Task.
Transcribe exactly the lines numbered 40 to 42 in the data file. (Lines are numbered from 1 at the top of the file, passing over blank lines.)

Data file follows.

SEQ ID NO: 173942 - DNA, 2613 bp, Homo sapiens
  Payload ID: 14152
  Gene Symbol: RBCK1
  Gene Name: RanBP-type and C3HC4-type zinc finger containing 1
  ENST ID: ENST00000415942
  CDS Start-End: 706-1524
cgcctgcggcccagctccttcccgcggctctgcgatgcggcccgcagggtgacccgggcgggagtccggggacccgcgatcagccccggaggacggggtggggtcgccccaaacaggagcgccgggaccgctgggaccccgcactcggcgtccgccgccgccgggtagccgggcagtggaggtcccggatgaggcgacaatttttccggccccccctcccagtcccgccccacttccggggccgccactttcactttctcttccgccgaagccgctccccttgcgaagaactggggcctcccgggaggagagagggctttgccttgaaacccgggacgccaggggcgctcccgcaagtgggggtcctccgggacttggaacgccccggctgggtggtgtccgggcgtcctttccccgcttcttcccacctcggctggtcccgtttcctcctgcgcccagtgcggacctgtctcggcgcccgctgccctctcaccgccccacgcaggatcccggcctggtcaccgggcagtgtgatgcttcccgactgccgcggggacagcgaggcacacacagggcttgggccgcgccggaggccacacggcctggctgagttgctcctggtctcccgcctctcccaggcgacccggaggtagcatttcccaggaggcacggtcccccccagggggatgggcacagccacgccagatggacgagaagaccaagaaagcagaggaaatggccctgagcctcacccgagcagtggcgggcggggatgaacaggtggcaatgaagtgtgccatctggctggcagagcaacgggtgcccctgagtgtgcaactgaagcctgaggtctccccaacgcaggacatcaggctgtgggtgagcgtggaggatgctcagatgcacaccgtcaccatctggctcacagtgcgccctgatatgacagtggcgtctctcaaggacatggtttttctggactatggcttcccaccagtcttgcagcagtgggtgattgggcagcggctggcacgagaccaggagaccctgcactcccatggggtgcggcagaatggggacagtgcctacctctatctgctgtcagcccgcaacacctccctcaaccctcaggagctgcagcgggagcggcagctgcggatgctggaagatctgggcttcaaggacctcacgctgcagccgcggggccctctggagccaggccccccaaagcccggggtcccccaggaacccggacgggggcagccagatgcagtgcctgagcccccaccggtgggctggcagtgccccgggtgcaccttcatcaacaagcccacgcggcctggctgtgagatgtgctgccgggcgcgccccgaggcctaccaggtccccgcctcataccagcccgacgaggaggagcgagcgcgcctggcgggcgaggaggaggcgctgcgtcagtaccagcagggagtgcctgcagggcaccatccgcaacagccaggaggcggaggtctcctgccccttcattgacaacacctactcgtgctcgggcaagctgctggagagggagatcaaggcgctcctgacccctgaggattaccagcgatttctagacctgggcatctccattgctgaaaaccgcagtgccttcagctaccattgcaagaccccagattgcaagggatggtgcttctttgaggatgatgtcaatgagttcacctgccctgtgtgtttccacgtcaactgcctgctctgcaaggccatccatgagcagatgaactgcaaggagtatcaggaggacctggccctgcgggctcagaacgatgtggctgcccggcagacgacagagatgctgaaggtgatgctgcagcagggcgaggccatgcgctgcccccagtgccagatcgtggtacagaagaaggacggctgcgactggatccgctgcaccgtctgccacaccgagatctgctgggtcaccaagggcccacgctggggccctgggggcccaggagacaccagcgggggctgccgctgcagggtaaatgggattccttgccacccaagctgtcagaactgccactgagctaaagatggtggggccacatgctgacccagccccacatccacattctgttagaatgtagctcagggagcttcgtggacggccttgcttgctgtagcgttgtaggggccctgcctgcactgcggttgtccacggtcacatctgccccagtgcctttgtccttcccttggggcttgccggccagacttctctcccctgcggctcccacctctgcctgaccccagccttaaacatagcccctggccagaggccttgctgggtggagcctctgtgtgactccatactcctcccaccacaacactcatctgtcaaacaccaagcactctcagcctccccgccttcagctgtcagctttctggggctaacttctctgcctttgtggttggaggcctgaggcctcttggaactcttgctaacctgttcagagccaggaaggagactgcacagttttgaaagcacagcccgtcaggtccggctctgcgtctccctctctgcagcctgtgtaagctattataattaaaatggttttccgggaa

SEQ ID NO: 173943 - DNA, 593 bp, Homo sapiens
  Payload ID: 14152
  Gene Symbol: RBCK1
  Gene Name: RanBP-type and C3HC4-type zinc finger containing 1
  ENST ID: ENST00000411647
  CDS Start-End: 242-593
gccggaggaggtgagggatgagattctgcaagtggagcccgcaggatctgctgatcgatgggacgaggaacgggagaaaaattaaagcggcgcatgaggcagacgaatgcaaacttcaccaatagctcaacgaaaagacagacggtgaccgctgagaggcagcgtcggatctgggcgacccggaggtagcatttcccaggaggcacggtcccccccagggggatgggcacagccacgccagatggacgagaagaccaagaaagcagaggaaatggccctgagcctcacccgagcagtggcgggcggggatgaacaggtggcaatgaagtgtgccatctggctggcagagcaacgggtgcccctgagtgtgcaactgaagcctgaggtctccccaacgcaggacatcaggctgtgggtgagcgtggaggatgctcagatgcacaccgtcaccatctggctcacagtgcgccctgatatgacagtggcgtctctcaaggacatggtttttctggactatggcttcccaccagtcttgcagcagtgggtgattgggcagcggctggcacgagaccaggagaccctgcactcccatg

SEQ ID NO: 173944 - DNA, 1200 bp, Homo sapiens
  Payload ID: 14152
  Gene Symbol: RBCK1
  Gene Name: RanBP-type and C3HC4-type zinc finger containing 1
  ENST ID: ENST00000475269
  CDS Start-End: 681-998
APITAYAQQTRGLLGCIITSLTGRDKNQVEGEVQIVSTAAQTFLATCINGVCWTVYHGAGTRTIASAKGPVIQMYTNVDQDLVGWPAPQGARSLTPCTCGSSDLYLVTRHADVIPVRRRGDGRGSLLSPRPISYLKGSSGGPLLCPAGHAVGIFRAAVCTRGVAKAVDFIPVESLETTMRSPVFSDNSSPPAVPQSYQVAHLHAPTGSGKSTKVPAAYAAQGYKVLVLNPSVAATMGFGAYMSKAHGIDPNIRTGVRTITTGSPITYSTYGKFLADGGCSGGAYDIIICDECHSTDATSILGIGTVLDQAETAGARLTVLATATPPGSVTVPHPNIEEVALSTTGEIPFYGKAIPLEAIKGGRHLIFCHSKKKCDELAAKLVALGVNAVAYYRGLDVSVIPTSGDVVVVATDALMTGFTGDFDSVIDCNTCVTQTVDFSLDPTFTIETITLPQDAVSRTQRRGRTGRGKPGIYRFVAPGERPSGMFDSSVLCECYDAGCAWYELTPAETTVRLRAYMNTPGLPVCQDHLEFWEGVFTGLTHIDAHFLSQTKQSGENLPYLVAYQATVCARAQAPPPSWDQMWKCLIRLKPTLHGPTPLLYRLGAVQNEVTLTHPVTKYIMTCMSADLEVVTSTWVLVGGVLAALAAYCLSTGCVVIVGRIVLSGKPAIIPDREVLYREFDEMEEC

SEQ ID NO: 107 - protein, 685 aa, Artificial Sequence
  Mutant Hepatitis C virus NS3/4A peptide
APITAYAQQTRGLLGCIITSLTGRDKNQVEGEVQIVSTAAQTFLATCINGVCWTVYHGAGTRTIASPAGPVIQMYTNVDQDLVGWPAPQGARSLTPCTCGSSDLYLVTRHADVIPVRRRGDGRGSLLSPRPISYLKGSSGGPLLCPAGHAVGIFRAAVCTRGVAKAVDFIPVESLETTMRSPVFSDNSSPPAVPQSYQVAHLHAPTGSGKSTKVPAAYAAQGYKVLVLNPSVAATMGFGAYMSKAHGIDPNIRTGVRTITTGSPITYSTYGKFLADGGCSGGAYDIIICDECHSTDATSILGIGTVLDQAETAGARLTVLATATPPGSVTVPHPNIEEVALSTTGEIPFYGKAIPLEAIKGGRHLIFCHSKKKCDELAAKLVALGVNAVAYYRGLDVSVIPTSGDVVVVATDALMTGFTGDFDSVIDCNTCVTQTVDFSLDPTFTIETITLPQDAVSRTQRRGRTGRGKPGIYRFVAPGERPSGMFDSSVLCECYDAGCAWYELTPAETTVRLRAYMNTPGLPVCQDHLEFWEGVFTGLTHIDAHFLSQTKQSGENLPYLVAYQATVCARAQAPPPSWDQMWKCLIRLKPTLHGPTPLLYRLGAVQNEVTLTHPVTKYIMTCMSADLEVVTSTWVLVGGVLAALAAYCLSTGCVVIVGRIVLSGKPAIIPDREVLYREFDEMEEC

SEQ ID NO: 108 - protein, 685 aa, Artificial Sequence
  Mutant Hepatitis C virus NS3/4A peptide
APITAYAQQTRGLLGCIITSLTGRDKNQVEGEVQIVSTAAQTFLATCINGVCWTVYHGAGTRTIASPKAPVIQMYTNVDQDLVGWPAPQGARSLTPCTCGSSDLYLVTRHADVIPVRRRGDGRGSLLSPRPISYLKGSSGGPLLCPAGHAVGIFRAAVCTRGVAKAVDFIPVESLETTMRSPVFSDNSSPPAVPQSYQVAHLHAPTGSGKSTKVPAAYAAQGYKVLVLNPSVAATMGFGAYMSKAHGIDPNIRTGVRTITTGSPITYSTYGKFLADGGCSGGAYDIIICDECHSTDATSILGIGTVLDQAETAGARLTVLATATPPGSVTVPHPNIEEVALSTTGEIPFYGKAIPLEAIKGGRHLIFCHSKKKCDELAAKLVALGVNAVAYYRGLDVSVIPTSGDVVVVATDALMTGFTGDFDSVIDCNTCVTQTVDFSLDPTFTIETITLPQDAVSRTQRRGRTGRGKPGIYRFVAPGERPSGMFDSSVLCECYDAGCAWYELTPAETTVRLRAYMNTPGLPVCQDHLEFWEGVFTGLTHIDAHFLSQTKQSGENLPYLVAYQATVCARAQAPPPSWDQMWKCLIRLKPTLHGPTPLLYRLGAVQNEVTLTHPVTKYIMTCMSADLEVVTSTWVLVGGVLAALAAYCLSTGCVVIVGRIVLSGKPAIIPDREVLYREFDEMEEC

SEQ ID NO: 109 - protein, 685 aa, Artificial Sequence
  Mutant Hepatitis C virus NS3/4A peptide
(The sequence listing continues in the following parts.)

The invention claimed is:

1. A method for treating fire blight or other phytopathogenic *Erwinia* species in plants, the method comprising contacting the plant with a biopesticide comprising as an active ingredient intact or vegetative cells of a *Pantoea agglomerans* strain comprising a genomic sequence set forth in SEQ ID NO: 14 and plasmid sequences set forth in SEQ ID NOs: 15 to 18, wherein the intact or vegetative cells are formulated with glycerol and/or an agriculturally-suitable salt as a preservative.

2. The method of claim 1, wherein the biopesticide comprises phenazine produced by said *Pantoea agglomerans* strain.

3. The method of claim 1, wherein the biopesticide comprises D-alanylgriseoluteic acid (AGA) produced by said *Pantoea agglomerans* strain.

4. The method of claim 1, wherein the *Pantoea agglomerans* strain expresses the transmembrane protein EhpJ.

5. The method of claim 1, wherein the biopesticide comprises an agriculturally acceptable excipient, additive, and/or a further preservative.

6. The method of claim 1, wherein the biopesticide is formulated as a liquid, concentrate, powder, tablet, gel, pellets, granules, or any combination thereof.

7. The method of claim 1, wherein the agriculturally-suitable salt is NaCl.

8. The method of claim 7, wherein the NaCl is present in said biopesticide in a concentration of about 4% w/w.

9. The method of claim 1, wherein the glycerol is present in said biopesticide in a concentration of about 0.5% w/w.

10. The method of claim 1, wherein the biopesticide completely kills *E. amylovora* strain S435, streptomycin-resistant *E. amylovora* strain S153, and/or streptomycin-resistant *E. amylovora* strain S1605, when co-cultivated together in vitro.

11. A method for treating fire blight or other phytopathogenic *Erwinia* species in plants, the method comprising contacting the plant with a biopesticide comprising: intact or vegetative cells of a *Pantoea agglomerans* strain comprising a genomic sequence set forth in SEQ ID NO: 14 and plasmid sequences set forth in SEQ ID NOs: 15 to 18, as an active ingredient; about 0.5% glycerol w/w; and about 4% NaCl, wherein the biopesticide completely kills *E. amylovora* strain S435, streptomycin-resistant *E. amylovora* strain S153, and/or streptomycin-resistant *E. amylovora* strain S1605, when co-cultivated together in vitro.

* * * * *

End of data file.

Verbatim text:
9. The method of claim 1, wherein the glycerol is present in said biopesticide in a concentration of about 0.5% w/w.

10. The method of claim 1, wherein the biopesticide completely kills *E. amylovora* strain S435, streptomycin-resistant *E. amylovora* strain S153, and/or streptomycin-resistant *E. amylovora* strain S1605, when co-cultivated together in vitro.

11. A method for treating fire blight or other phytopathogenic *Erwinia* species in plants, the method comprising contacting the plant with a biopesticide comprising: intact or vegetative cells of a *Pantoea agglomerans* strain comprising a genomic sequence set forth in SEQ ID NO: 14 and plasmid sequences set forth in SEQ ID NOs: 15 to 18, as an active ingredient; about 0.5% glycerol w/w; and about 4% NaCl, wherein the biopesticide completely kills *E. amylovora* strain S435, streptomycin-resistant *E. amylovora* strain S153, and/or streptomycin-resistant *E. amylovora* strain S1605, when co-cultivated together in vitro.